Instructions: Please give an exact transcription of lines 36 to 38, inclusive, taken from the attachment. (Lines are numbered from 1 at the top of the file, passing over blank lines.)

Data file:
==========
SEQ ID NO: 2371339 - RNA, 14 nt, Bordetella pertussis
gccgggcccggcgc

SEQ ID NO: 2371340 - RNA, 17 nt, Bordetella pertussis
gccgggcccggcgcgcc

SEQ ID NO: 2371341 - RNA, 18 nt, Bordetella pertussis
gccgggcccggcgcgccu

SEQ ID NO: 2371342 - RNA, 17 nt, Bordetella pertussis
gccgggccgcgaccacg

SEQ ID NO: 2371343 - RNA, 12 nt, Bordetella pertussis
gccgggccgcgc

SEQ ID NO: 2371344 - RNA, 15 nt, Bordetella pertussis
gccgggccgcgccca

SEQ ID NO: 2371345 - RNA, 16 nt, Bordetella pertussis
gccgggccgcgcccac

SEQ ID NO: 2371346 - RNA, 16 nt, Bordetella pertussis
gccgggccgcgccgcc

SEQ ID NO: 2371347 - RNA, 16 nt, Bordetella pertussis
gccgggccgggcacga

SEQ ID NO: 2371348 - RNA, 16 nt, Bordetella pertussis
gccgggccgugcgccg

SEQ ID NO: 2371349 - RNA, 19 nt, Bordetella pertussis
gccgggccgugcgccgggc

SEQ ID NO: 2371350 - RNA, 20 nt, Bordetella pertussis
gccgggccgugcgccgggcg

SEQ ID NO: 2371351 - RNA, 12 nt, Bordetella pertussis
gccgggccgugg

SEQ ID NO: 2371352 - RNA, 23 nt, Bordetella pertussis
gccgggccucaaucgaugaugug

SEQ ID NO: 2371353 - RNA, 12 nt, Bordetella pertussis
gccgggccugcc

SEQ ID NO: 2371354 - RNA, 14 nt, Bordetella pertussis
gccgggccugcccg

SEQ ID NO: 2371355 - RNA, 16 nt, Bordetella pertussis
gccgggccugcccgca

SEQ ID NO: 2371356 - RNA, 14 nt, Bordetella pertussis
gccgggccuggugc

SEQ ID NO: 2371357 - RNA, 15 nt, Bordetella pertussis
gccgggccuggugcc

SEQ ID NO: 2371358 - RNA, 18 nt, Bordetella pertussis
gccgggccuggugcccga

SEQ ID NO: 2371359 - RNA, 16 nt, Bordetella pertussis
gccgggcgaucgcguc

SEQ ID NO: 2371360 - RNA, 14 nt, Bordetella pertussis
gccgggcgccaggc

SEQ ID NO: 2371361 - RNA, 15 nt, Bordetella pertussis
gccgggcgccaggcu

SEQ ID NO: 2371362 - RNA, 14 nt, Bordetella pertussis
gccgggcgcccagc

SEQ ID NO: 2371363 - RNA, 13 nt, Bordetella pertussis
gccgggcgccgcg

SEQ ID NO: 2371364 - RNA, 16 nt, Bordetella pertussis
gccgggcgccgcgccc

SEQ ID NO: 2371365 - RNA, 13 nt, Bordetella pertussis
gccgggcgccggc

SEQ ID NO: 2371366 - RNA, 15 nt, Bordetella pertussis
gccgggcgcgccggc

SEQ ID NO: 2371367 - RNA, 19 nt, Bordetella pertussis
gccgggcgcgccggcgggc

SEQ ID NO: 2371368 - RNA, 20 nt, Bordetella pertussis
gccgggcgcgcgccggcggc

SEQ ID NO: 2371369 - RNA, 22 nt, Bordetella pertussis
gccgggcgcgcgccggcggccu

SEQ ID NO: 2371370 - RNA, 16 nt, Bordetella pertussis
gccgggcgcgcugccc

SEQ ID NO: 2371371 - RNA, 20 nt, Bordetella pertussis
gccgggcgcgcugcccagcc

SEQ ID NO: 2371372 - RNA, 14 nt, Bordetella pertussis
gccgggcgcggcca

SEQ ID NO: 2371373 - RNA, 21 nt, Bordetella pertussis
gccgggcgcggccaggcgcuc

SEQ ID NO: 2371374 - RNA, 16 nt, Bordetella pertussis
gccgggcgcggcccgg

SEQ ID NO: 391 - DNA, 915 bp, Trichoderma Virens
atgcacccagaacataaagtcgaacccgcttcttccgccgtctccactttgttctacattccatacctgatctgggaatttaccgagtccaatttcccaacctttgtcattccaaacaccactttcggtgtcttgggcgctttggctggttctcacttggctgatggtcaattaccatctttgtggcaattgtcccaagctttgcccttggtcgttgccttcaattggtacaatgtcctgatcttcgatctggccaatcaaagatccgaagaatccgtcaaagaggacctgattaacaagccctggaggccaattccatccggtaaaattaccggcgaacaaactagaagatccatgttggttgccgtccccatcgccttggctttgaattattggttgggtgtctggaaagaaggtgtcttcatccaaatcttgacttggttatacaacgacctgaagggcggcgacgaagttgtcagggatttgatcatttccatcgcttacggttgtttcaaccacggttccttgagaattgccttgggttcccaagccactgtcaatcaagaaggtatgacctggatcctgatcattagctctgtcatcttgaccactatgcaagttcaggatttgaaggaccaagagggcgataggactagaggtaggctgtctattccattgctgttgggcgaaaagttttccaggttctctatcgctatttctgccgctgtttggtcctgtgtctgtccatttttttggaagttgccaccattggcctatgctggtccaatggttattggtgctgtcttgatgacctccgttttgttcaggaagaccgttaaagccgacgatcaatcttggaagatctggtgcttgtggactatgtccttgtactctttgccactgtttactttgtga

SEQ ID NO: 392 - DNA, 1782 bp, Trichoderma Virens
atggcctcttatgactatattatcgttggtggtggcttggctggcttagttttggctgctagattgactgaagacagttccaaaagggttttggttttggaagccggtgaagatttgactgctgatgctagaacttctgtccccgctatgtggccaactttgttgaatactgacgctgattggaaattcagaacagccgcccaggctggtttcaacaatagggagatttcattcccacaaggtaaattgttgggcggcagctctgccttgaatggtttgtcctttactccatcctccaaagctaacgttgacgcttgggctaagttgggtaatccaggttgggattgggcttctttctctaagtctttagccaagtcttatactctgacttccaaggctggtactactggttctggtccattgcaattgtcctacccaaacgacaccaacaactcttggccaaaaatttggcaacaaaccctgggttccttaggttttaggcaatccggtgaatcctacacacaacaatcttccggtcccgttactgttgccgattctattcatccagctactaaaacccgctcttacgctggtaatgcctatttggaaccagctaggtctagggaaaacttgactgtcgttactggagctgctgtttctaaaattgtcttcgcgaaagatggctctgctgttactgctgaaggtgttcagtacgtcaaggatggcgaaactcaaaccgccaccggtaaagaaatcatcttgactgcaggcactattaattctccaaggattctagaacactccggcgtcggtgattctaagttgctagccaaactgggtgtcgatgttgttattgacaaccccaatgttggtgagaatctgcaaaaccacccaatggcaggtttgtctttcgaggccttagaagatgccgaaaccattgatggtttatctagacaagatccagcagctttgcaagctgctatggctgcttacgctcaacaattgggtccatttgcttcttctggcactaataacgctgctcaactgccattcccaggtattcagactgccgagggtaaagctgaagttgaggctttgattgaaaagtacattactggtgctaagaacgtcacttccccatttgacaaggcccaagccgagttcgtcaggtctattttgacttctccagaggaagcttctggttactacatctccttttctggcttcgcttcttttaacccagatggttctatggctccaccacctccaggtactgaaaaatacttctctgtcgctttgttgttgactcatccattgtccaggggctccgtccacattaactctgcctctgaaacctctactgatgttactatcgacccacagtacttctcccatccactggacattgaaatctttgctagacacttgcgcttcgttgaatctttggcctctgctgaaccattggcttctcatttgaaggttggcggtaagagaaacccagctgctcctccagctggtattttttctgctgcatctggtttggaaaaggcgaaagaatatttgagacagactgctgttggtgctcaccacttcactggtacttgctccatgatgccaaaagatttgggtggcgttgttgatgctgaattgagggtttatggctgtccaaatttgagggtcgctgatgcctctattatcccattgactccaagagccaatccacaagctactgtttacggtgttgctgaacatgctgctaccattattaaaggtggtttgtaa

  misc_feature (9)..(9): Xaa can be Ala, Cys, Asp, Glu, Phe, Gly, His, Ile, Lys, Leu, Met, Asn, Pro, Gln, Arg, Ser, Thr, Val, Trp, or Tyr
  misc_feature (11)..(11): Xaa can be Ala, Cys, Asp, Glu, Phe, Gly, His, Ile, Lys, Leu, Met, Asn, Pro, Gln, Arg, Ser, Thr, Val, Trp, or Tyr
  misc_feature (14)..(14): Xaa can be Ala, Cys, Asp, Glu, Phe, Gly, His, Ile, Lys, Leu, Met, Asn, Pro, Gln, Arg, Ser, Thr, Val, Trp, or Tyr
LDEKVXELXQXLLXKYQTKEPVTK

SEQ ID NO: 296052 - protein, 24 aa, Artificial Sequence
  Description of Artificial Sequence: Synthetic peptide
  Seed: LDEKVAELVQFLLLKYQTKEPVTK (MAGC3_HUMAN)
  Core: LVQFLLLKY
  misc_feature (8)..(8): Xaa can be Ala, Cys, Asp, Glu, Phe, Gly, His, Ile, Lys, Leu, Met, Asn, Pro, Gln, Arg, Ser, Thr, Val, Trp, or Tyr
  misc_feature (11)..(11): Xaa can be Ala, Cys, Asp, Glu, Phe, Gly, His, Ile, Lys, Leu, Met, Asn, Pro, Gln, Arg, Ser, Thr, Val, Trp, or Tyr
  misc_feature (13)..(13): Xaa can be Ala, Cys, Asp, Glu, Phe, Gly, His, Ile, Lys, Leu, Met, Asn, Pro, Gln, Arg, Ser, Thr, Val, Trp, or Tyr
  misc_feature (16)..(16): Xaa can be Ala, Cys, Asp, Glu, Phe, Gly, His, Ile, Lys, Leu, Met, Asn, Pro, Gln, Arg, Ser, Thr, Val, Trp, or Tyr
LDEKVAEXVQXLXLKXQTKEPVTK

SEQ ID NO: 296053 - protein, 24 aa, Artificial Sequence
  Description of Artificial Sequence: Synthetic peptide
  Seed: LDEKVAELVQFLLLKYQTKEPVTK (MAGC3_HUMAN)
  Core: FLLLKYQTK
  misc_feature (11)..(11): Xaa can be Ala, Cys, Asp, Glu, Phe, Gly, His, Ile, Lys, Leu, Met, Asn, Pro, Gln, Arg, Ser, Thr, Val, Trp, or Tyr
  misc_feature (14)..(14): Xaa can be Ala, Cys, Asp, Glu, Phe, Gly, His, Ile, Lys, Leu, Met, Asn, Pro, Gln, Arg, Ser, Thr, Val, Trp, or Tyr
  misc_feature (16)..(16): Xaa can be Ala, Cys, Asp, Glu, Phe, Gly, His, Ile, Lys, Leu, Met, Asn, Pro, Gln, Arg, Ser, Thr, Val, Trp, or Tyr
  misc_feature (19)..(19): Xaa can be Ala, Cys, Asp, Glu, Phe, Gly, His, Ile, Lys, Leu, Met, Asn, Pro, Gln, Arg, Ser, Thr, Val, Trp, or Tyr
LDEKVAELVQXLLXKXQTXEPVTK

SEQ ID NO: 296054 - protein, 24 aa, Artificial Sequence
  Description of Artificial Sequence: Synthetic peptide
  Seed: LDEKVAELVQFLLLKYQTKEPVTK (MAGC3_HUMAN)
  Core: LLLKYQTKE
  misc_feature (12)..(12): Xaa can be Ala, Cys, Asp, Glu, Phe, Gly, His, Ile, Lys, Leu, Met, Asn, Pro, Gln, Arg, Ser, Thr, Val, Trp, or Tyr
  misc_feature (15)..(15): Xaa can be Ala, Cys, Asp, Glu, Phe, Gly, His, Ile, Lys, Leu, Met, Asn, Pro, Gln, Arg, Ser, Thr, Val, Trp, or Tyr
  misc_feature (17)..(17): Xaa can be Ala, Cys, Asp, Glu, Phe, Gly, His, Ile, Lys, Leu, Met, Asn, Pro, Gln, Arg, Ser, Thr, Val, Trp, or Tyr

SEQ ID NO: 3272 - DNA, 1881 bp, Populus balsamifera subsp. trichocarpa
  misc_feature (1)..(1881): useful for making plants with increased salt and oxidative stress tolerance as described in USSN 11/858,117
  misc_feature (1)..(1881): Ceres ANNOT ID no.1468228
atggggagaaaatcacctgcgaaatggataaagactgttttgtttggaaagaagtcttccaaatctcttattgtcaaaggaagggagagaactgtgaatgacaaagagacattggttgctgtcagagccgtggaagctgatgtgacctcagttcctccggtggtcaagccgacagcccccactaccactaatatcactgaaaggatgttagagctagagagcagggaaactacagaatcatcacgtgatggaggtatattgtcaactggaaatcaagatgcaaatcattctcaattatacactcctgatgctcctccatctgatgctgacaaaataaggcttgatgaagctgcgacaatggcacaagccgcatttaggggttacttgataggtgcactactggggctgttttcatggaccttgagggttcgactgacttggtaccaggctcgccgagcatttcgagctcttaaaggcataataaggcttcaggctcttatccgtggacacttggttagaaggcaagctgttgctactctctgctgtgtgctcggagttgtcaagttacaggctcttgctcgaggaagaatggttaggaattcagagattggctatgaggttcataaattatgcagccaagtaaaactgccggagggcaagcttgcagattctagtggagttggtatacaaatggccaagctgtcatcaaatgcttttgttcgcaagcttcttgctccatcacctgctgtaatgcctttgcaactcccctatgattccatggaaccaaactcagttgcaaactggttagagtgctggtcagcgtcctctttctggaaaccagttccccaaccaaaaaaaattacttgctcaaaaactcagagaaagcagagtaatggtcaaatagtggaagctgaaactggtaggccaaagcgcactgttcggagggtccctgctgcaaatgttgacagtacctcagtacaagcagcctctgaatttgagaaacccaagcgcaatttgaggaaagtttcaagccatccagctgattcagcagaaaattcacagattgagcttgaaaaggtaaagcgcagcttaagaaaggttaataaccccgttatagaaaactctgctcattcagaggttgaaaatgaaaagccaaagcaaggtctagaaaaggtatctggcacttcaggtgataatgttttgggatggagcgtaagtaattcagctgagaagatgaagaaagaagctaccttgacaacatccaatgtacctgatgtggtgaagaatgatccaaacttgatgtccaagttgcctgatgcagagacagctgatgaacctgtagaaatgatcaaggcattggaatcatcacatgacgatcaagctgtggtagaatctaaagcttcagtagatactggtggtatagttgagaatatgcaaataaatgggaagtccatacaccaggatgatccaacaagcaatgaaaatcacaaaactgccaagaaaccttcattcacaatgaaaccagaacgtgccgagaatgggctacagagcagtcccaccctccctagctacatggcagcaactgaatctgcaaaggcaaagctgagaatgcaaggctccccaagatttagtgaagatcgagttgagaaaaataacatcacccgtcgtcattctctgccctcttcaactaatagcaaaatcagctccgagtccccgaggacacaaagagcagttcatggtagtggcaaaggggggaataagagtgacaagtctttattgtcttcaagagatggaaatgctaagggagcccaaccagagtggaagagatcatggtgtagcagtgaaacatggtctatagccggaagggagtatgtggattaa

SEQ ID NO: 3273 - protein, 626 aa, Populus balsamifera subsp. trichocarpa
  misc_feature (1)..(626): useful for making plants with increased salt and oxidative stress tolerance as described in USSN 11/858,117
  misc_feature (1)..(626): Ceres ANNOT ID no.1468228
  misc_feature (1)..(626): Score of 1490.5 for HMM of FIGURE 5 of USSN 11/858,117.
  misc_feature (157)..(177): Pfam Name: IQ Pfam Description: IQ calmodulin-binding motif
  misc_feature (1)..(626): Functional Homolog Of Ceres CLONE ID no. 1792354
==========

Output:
gccgggccuggugc

SEQ ID NO: 2371357 - RNA, 15 nt, Bordetella pertussis
gccgggccuggugcc